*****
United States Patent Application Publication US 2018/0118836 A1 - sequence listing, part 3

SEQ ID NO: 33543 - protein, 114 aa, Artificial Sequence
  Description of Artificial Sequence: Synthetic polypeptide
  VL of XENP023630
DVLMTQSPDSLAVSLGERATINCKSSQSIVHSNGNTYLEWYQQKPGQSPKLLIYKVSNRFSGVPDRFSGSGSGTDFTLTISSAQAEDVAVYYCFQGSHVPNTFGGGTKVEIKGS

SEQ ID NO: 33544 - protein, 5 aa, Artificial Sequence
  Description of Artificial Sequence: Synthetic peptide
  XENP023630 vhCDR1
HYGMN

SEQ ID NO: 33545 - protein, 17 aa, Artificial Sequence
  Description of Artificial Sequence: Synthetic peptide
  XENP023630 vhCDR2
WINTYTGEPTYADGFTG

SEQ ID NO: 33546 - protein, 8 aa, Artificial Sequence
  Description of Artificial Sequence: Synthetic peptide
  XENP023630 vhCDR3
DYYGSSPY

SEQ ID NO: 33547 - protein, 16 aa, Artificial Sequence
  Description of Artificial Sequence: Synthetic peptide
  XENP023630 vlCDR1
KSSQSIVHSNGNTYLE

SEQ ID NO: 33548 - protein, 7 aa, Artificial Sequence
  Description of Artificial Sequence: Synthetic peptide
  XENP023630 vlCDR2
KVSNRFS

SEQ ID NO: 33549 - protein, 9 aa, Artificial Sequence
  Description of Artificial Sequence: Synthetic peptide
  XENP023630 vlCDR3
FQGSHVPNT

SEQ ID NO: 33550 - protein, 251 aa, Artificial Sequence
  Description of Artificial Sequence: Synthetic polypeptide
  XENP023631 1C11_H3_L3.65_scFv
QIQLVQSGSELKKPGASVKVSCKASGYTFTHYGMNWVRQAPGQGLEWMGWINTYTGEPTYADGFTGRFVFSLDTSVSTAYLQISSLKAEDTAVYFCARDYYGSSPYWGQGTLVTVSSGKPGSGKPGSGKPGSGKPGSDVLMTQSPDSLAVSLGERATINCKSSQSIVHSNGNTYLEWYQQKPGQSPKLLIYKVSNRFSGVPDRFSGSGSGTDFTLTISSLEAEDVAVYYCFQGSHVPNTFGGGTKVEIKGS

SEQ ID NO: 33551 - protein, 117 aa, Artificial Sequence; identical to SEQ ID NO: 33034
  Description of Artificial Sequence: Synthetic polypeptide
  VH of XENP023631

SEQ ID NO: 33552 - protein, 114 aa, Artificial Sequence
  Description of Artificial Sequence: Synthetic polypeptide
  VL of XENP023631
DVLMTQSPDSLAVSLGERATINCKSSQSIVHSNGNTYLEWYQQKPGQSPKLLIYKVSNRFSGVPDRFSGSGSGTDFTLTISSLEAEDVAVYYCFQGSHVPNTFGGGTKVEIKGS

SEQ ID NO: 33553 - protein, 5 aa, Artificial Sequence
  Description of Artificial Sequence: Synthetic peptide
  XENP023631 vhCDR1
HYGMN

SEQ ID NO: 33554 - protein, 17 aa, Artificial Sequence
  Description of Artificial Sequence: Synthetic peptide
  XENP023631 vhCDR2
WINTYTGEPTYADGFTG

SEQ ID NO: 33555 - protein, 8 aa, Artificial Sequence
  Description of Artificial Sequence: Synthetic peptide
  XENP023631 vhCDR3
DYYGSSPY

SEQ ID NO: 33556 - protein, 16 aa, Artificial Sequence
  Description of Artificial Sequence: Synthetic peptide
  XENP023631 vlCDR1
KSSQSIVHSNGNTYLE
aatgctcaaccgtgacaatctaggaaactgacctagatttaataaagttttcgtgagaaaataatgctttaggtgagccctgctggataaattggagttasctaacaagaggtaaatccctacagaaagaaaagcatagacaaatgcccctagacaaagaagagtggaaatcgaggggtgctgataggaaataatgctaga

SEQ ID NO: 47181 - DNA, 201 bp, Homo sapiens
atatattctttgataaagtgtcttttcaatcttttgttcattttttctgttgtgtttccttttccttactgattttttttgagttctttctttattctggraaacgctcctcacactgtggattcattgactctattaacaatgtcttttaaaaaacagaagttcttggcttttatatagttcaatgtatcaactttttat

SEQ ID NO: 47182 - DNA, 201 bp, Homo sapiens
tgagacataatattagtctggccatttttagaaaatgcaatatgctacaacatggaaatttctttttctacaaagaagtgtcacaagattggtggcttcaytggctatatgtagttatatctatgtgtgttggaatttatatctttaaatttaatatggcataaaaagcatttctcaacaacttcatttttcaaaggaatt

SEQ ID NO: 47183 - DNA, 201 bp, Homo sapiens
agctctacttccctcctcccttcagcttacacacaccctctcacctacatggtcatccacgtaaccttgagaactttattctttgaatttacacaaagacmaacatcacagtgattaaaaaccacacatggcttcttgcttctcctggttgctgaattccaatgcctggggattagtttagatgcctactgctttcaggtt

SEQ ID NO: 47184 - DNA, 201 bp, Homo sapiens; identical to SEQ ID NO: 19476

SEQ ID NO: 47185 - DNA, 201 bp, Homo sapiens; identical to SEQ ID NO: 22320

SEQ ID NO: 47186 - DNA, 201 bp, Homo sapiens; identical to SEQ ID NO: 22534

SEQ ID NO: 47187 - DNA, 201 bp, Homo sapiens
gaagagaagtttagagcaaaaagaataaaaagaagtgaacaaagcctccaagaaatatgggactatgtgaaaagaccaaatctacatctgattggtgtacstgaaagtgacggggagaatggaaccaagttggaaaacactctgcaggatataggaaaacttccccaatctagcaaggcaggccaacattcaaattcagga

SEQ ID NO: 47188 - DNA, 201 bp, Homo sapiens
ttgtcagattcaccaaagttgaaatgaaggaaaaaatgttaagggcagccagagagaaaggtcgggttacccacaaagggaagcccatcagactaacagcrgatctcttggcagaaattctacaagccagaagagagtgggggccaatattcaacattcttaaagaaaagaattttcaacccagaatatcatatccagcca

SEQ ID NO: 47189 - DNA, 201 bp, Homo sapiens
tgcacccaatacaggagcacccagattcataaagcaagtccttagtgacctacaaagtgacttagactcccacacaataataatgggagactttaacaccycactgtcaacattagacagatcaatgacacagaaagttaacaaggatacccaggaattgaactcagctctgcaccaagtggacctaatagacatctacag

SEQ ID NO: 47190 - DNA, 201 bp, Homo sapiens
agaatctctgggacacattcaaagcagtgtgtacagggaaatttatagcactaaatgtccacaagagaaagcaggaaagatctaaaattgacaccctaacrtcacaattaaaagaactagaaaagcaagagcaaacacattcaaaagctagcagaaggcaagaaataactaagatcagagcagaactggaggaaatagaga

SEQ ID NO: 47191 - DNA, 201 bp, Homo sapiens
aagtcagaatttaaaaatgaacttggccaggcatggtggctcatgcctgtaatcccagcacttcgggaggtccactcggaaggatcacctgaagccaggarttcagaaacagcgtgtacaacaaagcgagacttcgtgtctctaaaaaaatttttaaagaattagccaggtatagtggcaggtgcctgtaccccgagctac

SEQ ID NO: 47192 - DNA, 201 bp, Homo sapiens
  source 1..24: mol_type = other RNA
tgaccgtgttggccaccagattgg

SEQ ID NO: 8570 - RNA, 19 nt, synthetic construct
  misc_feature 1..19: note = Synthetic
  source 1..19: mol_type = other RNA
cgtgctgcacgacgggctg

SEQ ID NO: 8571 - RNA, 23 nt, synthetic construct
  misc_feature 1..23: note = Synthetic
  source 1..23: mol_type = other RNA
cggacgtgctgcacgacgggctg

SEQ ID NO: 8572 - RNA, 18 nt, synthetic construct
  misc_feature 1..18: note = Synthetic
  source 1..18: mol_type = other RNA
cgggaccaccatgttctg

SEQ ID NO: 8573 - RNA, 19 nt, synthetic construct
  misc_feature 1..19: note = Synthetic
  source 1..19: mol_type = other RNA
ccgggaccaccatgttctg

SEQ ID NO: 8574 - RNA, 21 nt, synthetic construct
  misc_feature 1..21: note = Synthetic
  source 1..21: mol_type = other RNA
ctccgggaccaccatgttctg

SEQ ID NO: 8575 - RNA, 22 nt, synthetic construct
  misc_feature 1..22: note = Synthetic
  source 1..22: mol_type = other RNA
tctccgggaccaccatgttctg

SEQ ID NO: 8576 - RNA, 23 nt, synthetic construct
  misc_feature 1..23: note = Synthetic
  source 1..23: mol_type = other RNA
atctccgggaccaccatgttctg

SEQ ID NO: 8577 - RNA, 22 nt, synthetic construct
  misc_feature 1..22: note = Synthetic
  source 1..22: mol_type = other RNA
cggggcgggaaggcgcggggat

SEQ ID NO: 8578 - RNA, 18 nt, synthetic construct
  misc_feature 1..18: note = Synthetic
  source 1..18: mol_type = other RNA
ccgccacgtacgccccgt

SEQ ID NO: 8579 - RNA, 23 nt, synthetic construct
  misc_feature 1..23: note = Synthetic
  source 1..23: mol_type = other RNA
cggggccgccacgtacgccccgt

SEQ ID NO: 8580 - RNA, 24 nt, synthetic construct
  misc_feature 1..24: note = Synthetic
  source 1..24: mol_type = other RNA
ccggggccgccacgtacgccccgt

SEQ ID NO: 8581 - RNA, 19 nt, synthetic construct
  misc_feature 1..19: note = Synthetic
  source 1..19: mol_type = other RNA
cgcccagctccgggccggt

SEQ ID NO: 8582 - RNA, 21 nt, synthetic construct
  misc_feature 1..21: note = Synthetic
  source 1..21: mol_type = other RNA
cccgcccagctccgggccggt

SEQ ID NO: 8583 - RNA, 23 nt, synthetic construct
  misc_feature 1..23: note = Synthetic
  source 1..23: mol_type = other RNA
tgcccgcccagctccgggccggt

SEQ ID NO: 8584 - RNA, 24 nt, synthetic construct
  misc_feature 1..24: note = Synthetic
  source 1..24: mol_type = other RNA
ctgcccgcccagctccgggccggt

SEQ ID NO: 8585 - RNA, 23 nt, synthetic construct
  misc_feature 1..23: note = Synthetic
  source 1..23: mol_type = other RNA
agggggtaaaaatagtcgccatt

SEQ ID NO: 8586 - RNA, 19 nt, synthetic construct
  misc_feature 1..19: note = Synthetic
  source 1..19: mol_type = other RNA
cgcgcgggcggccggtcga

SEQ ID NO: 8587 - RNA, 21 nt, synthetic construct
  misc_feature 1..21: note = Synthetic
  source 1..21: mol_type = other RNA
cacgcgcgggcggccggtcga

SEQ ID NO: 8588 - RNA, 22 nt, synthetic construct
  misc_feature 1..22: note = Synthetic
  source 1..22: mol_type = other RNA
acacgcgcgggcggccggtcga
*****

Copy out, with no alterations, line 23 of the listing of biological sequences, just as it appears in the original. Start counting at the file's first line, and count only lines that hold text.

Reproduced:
  Description of Artificial Sequence: Synthetic peptide